Gospel Spotlight: Olaide Banks reaches out to Caribbean musicians with the gospel

January 25, 2019

Gospel recording artiste Olaide Banks is convinced that there is an untapped market for ­veteran artistes and ­producers in the Caribbean to collaborate with Christian artistes in the US who are looking to ­incorporate authentic reggae into their sound.

As the son of the reggae ­musician who was dubbed the ‘Anguillan Bob Dylan’, Olaide says that he has made it his duty to reach out to persons who share his Caribbean heritage to not only work on productions, but provide outlets for them to share their talents.

“My father is Bankie Banx, and he shares in the legacy of ­bringing reggae music to the Eastern Caribbean back in the 1970s. So I wouldn’t feel comfortable making music that is like a parody of Caribbean music. I respect it too much. For my family’s legacy in music, I think it would be a big letdown and disappointment,” Olaide toldTHE WEEKEND STAR.

Olaide has remained ­relatively low-key on the creative side of the business, co-writing with other recording artistes over the years.

But in 2018, he recorded and released a project that spoke authentically to where he is from.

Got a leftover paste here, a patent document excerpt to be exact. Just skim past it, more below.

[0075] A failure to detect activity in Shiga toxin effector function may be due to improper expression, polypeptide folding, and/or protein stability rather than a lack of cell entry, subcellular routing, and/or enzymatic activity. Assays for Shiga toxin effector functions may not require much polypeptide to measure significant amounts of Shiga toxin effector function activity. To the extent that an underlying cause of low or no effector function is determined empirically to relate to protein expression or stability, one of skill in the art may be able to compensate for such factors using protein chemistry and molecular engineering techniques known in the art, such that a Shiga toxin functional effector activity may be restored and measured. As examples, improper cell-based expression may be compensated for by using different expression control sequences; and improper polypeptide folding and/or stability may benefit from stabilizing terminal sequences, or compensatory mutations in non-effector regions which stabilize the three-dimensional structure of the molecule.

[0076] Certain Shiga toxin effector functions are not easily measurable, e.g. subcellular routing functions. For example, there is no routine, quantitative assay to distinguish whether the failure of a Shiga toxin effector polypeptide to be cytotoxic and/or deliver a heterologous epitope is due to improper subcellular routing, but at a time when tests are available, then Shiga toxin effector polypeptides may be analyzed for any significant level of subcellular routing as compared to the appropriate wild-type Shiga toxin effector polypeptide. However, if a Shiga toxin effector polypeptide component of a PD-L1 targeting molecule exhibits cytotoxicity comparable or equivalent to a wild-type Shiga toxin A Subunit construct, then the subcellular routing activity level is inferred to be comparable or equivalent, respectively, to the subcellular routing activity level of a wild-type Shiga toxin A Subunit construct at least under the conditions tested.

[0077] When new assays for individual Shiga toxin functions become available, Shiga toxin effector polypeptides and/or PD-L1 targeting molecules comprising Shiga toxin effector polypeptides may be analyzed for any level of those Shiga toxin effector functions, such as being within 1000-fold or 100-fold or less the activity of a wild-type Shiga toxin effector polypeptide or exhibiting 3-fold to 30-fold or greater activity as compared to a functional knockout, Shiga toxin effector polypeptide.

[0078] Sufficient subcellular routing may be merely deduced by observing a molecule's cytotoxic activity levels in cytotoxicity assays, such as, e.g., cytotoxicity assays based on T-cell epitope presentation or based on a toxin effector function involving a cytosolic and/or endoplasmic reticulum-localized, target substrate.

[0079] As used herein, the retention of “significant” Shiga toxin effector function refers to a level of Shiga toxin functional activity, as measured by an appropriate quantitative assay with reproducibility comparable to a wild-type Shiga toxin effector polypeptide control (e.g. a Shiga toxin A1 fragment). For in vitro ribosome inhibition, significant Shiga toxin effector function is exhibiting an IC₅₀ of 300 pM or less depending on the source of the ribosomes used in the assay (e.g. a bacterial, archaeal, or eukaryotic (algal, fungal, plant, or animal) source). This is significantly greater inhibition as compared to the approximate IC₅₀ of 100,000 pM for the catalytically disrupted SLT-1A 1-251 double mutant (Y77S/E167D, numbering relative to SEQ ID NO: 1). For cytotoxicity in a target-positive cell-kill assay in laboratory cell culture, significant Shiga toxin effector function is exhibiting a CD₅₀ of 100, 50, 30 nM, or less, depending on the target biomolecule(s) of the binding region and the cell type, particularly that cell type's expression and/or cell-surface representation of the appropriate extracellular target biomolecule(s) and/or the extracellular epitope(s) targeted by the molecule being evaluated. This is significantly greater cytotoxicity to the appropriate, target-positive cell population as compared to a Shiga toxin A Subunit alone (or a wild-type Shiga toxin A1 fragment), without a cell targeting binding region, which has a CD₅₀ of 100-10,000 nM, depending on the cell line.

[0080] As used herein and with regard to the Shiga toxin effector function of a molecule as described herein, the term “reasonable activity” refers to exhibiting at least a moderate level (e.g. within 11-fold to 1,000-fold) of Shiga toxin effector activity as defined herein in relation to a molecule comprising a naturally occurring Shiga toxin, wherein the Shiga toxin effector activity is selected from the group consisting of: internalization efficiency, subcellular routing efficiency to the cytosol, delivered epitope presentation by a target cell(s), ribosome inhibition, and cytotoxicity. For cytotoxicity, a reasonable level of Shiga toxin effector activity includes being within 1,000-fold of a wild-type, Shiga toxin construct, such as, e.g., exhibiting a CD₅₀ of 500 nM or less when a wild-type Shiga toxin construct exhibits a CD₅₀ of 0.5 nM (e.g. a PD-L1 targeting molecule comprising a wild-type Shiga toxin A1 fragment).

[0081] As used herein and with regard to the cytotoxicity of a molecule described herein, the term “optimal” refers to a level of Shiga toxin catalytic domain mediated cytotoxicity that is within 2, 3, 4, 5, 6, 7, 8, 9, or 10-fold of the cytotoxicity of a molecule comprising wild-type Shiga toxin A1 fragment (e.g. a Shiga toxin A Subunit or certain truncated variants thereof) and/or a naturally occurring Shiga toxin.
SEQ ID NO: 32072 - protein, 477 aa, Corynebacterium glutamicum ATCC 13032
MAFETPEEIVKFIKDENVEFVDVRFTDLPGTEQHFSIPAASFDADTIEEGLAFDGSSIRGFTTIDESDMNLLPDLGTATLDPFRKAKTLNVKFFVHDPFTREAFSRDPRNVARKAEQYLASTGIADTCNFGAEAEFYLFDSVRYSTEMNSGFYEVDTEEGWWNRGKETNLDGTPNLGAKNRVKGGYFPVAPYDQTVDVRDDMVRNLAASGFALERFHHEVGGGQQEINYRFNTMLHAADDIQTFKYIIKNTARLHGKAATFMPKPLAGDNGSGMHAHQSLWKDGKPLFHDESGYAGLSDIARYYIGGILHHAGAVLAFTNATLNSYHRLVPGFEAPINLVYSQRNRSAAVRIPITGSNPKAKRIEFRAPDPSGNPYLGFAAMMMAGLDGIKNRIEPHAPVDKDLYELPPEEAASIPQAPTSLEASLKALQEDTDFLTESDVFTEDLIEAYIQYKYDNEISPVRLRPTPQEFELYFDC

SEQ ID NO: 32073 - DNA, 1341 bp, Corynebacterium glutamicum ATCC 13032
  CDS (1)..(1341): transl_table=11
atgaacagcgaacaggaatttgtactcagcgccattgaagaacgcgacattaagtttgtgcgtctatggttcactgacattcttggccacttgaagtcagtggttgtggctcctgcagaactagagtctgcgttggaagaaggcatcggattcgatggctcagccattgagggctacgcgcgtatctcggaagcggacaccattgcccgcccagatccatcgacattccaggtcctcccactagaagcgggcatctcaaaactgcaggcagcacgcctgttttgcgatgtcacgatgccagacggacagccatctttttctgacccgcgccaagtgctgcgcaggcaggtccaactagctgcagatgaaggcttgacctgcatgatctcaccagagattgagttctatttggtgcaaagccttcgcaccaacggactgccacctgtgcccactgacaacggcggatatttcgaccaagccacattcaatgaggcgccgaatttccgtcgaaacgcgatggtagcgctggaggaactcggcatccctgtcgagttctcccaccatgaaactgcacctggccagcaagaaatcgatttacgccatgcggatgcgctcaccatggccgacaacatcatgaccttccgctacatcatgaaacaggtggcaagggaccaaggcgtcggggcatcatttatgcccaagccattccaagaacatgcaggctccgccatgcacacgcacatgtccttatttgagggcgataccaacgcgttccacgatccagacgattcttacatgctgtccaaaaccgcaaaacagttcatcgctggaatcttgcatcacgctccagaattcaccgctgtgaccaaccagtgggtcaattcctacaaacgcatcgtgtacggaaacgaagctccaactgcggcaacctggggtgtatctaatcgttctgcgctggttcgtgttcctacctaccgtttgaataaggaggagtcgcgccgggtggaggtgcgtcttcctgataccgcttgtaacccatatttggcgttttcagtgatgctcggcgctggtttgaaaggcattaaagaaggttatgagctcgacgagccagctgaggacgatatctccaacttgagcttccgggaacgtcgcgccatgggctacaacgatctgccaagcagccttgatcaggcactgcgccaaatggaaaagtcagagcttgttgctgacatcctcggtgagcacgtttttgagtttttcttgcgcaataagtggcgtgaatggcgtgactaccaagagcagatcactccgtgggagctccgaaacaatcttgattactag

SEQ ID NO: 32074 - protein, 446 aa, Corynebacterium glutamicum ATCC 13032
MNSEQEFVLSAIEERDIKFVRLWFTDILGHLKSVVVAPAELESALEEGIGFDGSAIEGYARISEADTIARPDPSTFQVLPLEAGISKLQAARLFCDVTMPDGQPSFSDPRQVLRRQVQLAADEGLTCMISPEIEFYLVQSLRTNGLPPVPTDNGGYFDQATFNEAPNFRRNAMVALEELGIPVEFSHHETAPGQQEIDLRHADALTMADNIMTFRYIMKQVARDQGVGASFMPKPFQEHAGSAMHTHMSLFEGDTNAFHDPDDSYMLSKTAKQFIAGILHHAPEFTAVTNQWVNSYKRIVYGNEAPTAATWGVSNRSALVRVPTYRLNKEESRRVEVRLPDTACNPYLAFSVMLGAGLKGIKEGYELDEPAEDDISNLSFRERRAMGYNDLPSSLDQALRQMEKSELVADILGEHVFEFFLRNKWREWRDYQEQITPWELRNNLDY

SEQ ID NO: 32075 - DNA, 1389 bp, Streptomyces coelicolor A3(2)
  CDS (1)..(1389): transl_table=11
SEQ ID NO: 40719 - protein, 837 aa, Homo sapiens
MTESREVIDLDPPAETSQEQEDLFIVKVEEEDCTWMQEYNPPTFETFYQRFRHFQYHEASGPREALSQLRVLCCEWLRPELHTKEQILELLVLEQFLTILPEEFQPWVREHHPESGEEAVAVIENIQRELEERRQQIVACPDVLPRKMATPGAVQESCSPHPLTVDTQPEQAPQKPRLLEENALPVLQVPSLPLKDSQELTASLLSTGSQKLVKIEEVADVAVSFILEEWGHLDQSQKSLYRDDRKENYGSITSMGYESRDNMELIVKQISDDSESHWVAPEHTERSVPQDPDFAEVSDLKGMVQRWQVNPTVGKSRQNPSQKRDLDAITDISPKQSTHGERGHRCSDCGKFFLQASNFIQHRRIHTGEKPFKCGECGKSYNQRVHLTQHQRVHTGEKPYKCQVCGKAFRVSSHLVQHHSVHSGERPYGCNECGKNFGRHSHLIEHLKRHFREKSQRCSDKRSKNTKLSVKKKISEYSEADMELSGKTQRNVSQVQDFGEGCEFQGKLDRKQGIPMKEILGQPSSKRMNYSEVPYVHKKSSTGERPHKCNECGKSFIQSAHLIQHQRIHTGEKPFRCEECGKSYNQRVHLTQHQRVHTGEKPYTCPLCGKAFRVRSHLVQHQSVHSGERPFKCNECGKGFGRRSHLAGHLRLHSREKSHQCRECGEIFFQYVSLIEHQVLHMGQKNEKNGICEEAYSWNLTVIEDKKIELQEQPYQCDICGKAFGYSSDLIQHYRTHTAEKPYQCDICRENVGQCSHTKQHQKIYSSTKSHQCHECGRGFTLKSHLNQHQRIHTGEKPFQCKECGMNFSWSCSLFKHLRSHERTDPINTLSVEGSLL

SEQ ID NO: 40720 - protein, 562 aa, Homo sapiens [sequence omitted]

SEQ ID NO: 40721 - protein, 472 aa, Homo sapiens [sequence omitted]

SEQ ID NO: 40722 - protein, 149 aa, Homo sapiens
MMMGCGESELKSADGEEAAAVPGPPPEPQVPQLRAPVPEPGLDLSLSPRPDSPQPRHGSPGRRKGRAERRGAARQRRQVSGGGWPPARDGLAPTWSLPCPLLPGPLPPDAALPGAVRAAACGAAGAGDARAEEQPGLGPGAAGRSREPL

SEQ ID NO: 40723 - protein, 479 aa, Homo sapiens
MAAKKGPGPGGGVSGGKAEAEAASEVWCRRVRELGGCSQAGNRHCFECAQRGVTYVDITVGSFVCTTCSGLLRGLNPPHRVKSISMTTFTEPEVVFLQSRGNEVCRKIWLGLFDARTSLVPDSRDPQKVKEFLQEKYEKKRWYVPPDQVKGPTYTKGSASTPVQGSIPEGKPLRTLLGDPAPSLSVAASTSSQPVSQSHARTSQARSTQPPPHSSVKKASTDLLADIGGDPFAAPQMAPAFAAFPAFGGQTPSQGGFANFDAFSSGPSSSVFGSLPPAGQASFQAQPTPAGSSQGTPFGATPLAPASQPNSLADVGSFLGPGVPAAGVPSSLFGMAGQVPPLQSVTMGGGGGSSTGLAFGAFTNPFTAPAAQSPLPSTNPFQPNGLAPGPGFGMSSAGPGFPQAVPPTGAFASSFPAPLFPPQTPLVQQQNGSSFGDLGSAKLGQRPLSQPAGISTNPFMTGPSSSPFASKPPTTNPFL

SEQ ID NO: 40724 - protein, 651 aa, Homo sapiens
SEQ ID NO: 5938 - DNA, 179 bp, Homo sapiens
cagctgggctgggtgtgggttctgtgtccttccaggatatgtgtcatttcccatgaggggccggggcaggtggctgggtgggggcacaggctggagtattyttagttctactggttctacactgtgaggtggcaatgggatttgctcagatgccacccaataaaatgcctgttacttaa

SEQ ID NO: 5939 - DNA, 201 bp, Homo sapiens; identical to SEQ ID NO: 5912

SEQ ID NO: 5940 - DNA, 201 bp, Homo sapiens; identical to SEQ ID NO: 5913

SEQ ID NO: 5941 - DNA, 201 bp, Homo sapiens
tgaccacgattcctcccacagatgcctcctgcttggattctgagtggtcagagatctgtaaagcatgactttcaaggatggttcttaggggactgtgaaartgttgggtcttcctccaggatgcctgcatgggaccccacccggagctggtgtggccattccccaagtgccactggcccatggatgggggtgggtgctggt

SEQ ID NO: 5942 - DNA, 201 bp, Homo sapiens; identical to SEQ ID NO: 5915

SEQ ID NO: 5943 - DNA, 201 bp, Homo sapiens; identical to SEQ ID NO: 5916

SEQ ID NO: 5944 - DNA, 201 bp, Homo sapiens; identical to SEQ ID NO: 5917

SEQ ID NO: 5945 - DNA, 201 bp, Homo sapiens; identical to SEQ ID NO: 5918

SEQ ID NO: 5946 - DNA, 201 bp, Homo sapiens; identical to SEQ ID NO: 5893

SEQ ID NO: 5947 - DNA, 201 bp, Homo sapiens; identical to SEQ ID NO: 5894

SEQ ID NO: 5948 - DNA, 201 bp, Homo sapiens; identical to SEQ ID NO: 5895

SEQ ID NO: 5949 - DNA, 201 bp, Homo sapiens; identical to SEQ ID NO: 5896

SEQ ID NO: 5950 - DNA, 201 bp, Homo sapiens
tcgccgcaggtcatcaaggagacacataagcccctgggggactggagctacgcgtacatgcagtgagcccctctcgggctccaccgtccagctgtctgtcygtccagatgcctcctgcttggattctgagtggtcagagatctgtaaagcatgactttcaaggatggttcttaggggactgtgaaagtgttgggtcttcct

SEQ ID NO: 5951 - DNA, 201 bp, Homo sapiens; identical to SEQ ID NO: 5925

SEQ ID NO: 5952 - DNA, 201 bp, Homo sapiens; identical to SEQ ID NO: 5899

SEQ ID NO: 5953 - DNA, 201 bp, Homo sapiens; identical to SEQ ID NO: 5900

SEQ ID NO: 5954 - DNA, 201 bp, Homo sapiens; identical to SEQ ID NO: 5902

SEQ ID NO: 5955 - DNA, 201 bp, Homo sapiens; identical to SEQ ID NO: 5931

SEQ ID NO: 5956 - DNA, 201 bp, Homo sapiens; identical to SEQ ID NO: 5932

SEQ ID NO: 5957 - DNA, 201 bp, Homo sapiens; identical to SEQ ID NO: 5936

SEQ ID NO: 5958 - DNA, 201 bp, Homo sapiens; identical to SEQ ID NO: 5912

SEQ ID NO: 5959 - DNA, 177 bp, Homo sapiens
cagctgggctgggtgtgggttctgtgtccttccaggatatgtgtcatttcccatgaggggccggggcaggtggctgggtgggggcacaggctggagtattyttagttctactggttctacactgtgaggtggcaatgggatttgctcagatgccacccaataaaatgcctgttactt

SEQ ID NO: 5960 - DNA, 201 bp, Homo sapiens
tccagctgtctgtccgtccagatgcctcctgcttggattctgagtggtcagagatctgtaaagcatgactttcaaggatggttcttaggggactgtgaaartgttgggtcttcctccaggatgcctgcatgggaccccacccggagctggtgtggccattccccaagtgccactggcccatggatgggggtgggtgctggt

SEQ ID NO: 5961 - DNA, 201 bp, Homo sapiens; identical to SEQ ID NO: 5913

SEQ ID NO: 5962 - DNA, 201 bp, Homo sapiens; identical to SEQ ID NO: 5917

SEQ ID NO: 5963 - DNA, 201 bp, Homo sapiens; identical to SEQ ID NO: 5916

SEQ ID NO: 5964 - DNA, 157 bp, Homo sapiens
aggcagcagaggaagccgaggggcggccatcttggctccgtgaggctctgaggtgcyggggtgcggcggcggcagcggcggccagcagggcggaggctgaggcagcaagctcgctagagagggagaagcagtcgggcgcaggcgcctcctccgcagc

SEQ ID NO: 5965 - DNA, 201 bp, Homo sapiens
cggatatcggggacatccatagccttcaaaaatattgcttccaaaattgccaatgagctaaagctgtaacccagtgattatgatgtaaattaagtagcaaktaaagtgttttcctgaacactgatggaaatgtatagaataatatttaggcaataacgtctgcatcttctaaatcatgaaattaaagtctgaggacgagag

“In terms of my faith experience, it incorporates the soundtrack of my life — reggae music. So we haveThe Story EP blending reggae with sounds of worship, and the lead track,Story of My Life, is very introspective and real to me, whileI’m Blessed (produced by noted lovers’ rock singer Benjy Myaz and mixed by Steven Stanley) is 100 per cent reggae,” he said.

The Story, released last October, is a prelude toOne Worship, Olaide’s full album, which is scheduled for release this summer.

The remaining songs will combine with the existing tracks to add a little more diversity to the sound, with contemporary gospel and contemporary worship sounds, which he plans to achieve by working with local talents.

“I think, especially where it concerns the variety of sounds in the industry right now, it is all about how as a musician, you access some of these markets. There is great amount of talent in Jamaica, enough to collaborate with people all over the world,” said Olaide.

Born and raised in Anguilla, Olaide began singing at age six in choirs and talent showcases but moved to Houston, USA, as a teenager to attend college. He established roots in Houston’s community as a legal advocate, volunteer, and Christian servant while maintaining a firm connection to his home and culture in the Caribbean as a promoter of the Moonsplash Music Festival.

“The gospel and my faith have played a huge role in my development,” he said. “As a lawyer, it influences the respect I have for my clients, regardless of their station in life, and as a minister/recording artiste, the gospel gives me to courage to speak and sing in front of people without fear. It inspires my lyrics and pushes me to improve every day.”

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